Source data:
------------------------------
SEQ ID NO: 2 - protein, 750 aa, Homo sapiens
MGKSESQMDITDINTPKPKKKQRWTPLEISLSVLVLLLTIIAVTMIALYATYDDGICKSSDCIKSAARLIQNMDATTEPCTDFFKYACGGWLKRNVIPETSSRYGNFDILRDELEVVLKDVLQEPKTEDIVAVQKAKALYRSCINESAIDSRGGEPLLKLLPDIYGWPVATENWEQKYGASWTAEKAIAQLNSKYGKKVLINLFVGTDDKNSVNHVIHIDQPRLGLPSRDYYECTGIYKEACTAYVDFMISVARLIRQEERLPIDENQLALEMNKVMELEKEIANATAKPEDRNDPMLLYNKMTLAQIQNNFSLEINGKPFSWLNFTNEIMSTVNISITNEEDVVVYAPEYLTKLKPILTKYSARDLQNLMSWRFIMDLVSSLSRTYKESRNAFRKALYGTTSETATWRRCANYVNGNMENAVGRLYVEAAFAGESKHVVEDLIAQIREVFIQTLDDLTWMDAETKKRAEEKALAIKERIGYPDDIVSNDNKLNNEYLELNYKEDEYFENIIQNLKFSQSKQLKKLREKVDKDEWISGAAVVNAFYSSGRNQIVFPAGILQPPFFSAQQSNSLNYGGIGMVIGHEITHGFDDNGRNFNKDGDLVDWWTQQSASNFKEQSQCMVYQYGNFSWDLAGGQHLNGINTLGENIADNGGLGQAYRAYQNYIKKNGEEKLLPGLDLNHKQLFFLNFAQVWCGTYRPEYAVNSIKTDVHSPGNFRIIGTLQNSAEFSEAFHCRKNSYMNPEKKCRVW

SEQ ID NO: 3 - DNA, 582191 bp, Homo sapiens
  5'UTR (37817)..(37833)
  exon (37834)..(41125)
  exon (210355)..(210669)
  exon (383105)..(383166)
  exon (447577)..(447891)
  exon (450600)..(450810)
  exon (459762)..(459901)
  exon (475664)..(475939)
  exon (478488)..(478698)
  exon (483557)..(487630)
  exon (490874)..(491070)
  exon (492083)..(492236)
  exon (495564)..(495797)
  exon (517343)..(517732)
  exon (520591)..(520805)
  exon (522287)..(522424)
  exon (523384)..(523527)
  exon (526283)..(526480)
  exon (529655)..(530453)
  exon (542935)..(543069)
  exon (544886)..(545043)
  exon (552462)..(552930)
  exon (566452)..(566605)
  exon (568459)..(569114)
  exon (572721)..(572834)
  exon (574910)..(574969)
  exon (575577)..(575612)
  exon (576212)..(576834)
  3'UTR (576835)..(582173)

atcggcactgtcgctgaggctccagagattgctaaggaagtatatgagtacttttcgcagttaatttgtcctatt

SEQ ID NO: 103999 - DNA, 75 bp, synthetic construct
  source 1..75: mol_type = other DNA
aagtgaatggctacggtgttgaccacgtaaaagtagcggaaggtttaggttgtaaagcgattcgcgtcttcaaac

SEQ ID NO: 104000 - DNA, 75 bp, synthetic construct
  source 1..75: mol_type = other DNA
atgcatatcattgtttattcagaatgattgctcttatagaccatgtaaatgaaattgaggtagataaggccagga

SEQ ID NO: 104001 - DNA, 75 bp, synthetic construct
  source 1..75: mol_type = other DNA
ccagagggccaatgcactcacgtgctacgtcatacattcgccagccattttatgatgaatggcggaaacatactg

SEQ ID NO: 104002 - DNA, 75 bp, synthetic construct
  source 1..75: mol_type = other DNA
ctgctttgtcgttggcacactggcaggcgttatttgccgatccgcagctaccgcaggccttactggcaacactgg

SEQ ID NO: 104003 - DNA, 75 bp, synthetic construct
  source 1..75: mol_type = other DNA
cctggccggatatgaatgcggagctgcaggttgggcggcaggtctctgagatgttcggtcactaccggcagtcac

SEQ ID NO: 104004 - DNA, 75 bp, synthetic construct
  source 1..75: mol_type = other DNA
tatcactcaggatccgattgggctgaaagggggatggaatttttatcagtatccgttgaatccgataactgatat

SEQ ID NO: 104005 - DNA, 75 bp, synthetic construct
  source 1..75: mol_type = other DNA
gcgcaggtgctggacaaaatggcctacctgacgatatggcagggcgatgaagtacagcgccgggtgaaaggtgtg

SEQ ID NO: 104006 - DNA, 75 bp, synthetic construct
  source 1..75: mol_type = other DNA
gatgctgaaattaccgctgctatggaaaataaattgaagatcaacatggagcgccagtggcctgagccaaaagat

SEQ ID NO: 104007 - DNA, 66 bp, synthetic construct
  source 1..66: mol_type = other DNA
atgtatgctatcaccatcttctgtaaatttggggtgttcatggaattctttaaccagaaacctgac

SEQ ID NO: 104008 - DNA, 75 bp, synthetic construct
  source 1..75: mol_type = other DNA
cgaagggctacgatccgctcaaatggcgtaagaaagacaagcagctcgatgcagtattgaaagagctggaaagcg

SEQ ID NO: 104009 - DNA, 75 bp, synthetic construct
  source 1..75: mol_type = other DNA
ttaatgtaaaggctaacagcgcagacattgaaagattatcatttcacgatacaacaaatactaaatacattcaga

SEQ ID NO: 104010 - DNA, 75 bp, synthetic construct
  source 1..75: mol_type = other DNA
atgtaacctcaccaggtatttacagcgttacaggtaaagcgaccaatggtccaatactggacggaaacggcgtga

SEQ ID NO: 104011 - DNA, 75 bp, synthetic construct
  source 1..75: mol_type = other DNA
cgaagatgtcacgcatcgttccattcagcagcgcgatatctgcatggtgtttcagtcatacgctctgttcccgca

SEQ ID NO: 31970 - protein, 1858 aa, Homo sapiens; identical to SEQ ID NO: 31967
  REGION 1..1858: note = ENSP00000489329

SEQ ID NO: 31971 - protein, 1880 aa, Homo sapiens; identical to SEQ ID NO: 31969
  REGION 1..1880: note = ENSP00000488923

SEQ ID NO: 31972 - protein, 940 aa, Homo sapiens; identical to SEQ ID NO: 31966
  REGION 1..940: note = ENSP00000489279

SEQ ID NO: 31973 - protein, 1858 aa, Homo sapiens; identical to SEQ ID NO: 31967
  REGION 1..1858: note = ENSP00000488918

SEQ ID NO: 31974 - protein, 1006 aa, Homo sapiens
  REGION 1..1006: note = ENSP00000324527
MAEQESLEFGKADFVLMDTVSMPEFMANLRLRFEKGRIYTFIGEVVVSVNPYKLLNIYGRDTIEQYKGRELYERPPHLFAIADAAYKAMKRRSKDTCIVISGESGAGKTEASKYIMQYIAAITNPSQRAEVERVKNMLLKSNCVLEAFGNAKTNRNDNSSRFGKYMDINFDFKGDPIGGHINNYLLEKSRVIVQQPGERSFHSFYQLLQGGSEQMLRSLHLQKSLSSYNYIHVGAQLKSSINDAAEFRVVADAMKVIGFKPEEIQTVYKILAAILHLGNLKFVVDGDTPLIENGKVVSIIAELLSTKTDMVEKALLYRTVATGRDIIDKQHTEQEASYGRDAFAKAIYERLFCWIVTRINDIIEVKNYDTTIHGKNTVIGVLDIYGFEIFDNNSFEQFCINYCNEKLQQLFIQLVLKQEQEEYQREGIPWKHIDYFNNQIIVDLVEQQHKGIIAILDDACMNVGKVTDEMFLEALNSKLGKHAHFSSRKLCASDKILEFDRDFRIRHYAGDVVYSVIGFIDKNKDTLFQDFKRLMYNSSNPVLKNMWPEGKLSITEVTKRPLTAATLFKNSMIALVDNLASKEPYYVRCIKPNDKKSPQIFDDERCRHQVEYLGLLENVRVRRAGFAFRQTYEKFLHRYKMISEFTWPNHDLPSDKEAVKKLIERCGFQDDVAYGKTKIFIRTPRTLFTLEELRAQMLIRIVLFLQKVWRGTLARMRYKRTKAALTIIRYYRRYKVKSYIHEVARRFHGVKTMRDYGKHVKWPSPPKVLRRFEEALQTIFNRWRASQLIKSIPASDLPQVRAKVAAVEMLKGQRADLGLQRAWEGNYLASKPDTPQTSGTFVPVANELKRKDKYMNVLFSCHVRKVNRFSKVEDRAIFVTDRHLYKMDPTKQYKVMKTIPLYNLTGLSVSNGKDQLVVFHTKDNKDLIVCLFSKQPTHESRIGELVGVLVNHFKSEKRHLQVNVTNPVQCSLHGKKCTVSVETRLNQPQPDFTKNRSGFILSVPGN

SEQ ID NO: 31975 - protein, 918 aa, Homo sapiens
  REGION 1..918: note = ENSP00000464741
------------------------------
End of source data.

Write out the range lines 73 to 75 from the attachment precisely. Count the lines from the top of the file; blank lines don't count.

SEQ ID NO: 31970 - protein, 1858 aa, Homo sapiens; identical to SEQ ID NO: 31967
  REGION 1..1858: note = ENSP00000489329

SEQ ID NO: 31971 - protein, 1880 aa, Homo sapiens; identical to SEQ ID NO: 31969